I’m a notorious story repeater. I can’t help it. There are certain things that just trigger a particular story of something that had happened in my life. While most of the time it works out and I happen to be around different people when I tell a specific tale, the unfortunate truth is that some friends have had to sit through a story that I’ve already told them, letting me run through the whole thing, struggling to not break it to me that I had, in fact, told this same exact story when the same exact situation happened before. Bless them and their inability to dampen my enthusiasm.
I enjoy telling stories though and when something random happens, I file it away just in case. This way, when something weird occurs, like the oh so awkward lecture I got for the Muslim taxi driver when I was in San Diego last week for work, I can get something positive out of a situation by telling myself that I can at the very least entertain some people with it.
Lately, I’ve realized that I want to do something about this. I want to tell stories. This feeling was magnified when I went to an event at a bookstore in San Francisco for The Moth to promote their book. The Moth, for those not aware, consists of events in which people tell true stories on stage. I didn’t realize that they actually have two events in San Francisco a month called StorySlams in which folks drop their name in a hat (or bag, rather) and up to 10 people tell a true story based on the theme of the evening. So, I figured I’d scope out one of these StorySlams.
The night that I went, the theme was “Office” and so those chosen told a story that they had prepared that was based on something work-related. At first, I was wondering if I should put my name in the running to tell a story but figured I’d just be an observer at the event and see how it plays out. One by one, someone was called up to tell their story. They had five minutes. The whole event was entertaining and the crowd was really into it. The fact that there exists events in which one just listens to strangers tell stories is pretty cool. I decided that, although I don’t know when, I eventually want to tell a story up on the stage for a StorySlam.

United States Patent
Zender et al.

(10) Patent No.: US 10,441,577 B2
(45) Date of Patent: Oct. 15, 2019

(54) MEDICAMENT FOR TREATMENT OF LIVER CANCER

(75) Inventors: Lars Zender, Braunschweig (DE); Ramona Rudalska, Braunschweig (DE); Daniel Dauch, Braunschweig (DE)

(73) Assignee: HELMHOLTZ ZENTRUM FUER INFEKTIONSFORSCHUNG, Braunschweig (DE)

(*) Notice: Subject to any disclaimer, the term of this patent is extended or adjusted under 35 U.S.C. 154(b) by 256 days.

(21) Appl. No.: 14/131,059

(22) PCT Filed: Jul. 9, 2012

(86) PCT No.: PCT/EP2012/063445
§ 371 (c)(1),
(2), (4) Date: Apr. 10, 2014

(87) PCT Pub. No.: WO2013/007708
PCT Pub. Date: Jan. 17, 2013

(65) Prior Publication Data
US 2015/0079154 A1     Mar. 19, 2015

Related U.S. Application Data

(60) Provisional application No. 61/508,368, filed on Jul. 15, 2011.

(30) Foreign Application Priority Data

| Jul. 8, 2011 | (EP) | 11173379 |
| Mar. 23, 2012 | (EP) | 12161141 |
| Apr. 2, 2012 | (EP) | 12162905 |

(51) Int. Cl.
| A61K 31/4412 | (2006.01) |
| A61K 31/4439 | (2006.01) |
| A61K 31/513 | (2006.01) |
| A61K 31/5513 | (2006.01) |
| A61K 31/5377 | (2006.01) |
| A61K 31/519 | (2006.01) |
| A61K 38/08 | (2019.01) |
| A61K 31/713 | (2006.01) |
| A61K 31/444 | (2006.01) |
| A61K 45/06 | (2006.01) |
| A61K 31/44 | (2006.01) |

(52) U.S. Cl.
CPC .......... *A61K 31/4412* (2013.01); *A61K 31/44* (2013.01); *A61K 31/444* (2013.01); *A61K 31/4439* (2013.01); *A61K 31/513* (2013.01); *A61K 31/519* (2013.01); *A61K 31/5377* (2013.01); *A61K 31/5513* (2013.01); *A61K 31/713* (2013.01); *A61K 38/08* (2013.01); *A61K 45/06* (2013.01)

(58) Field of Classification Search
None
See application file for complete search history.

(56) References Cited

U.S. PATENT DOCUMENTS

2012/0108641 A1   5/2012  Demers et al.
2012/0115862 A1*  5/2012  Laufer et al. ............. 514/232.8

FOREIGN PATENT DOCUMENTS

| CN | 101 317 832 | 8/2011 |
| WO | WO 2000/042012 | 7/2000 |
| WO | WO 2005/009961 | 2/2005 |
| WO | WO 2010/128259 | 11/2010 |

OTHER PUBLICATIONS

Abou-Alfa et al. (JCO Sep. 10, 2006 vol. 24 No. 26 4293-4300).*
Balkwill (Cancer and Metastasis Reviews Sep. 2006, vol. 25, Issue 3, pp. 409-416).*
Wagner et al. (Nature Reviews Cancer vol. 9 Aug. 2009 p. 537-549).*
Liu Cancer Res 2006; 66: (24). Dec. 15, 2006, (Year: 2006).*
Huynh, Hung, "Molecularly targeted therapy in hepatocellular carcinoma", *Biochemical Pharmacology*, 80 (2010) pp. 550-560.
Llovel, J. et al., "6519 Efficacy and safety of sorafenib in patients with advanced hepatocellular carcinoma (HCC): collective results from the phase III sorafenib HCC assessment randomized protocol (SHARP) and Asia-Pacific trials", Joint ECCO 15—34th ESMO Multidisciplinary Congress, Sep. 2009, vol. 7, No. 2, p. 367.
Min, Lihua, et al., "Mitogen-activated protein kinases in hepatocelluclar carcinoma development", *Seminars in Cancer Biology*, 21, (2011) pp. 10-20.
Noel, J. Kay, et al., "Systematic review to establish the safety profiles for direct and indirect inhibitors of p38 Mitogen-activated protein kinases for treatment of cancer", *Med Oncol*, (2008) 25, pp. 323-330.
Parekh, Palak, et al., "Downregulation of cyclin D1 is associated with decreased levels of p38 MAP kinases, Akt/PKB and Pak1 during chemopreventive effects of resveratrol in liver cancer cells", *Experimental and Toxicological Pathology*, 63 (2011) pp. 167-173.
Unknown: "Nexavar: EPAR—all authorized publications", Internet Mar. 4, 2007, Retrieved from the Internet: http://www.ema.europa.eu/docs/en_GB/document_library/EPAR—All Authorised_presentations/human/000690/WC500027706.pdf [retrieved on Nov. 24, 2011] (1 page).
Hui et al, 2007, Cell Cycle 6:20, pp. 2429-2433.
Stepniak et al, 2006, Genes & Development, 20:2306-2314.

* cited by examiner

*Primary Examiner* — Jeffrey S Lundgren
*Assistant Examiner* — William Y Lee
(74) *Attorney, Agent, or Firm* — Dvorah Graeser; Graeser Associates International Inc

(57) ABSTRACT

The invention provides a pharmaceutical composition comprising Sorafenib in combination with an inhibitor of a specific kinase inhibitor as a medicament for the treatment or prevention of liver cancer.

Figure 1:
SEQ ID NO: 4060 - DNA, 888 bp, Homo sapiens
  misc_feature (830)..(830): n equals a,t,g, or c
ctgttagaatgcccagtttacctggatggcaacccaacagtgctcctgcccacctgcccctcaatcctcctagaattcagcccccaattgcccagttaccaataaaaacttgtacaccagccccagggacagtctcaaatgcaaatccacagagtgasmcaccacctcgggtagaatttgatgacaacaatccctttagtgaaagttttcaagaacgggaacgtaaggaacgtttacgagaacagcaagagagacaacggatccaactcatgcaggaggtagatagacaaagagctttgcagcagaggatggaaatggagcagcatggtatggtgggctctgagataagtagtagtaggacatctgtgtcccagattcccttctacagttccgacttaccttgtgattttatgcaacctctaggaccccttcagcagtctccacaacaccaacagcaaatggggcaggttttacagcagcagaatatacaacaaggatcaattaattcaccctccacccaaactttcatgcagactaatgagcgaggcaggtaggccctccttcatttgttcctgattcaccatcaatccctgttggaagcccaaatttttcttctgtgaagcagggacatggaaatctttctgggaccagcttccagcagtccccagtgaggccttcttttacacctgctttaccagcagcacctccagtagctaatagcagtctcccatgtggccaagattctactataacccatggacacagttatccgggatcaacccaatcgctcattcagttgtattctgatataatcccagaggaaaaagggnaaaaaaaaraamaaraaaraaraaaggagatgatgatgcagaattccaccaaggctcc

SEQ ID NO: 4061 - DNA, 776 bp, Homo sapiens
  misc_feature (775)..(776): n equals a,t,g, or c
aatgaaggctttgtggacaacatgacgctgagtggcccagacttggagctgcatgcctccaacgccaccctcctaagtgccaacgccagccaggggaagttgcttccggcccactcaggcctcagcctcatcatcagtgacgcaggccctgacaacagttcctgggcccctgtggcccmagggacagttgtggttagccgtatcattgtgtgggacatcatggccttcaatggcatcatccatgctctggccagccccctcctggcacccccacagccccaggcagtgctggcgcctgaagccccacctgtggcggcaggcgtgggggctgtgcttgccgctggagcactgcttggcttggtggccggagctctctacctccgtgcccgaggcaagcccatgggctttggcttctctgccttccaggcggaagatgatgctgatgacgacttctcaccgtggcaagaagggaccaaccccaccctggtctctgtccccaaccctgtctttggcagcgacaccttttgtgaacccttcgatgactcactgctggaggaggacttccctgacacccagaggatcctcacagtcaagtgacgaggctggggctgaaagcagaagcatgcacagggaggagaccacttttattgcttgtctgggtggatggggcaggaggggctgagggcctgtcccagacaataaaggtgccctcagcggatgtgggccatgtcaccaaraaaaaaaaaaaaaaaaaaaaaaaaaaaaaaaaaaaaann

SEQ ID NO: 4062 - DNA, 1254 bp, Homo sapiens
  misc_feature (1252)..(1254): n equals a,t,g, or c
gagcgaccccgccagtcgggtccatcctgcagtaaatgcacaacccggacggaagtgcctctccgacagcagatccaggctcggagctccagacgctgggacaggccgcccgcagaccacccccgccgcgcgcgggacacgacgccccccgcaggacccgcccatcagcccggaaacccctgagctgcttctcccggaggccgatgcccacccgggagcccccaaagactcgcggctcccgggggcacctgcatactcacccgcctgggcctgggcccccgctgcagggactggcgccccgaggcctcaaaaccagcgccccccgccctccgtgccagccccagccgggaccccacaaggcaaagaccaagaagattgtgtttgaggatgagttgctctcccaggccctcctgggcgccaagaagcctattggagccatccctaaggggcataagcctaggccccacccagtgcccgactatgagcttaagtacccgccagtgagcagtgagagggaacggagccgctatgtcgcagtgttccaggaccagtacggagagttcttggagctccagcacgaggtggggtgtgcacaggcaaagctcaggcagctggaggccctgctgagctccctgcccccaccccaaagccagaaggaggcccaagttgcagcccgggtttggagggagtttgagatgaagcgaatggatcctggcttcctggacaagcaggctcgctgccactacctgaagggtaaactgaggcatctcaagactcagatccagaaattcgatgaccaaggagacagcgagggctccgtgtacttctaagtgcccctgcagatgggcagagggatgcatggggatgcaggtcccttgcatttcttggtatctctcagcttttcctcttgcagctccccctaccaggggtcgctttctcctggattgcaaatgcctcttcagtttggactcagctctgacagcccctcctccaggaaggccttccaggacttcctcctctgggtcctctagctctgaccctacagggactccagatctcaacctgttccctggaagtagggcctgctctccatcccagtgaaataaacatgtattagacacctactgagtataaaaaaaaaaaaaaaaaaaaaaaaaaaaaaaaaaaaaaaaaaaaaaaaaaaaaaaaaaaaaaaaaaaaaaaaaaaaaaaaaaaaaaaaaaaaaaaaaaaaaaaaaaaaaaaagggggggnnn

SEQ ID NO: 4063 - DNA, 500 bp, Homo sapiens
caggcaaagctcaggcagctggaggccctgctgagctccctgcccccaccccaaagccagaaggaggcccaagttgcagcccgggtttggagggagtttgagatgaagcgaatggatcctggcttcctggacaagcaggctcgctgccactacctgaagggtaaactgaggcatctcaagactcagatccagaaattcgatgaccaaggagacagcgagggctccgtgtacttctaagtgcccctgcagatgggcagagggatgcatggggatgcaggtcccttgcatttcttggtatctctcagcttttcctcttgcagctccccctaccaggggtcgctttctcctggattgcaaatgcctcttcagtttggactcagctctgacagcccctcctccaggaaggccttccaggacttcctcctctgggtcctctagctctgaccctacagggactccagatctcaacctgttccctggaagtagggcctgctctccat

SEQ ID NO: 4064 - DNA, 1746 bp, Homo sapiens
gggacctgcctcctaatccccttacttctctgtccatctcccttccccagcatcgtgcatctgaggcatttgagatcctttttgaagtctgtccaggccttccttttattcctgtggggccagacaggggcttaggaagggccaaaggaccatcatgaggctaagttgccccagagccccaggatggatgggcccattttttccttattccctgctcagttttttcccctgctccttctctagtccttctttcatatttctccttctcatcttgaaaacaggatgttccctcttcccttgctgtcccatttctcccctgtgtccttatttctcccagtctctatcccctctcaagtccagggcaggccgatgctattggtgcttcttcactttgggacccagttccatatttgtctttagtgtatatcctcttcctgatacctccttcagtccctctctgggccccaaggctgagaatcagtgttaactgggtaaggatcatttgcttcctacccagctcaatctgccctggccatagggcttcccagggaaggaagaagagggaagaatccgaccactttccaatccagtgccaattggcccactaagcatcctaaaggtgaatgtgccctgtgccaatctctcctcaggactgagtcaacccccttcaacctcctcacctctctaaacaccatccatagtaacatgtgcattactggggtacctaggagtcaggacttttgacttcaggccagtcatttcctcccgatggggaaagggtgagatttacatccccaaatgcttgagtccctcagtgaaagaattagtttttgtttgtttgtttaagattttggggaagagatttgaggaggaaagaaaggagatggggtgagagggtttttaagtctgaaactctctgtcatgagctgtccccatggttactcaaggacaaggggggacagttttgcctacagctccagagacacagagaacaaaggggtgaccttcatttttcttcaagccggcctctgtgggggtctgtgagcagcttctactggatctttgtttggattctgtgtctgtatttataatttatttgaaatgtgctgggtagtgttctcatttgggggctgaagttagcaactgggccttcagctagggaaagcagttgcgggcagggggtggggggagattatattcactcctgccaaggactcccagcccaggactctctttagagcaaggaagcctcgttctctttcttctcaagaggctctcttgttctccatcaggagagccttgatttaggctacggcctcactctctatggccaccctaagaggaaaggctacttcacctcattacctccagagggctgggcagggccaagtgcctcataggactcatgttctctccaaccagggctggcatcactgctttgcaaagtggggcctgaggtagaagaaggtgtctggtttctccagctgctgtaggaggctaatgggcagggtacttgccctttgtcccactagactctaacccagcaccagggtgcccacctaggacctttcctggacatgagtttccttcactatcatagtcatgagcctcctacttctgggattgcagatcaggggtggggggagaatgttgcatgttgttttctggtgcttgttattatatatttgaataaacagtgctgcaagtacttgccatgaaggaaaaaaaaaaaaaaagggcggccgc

A lot of cultures have storytelling traditions and mine is no different as this kind of ties into an Urdu Storytelling event I went to before this, called Dastangoi – The Lost Art of Storytelling in Urdu. “Dastangoi” is the name of a form of Urdu storytelling and apparently, it used to be a big part of my culture, when gatherings used to have storytellers on hand to tell stories as entertainment. The event I went to is part of the effort of this one person, Mahmood Farooqui, to bring this form of storytelling back into the public sphere. He told two stories, one of a trickster named Amar Aiyyar and another one about partition. For both of the stories, Farooqui acted out some of the characters. I’m not going to lie, even though my understanding of Urdu is pretty good, there were parts of the stories I didn’t even understand because the level of Urdu used was so high. Farooqui acknowledged this in the beginning and said to all of the audience members that if they don’t understand specific parts, they would still be able to enjoy the performance. And that I did. I love the concept and if anything, I have inspiration to really step up my Urdu game.
The difference between The Moth and Dastangoi was that in the former, the stories were true. But, the outcome was the same – people sat around and listened to stories. In the case of The Moth, I thought it was pretty cool that one doesn’t even know who would be telling a story about what when they get a ticket.
In my previous post, I wrote that I don’t know how to contribute my narrative. I still don’t know but I think I’ll use the StorySlam events as inspiration and hopefully get myself up on stage one day (when the thought of it doesn’t make we want to hurl*). I’m not quite sure I’ll ever reach the level of a Dastangoi but it wouldn’t be a bad a idea to aim for that too. An english version of a Dastangoi anyway, even if it’s only because I like saying “Dastangoi”.
One day, InshAllah, one day.
*Funny enough, I do enjoy being up in front of people talking, usually for a speech or presentation. For some reason though, the thought of telling a story in front of a lot of people I don’t know makes me nervous.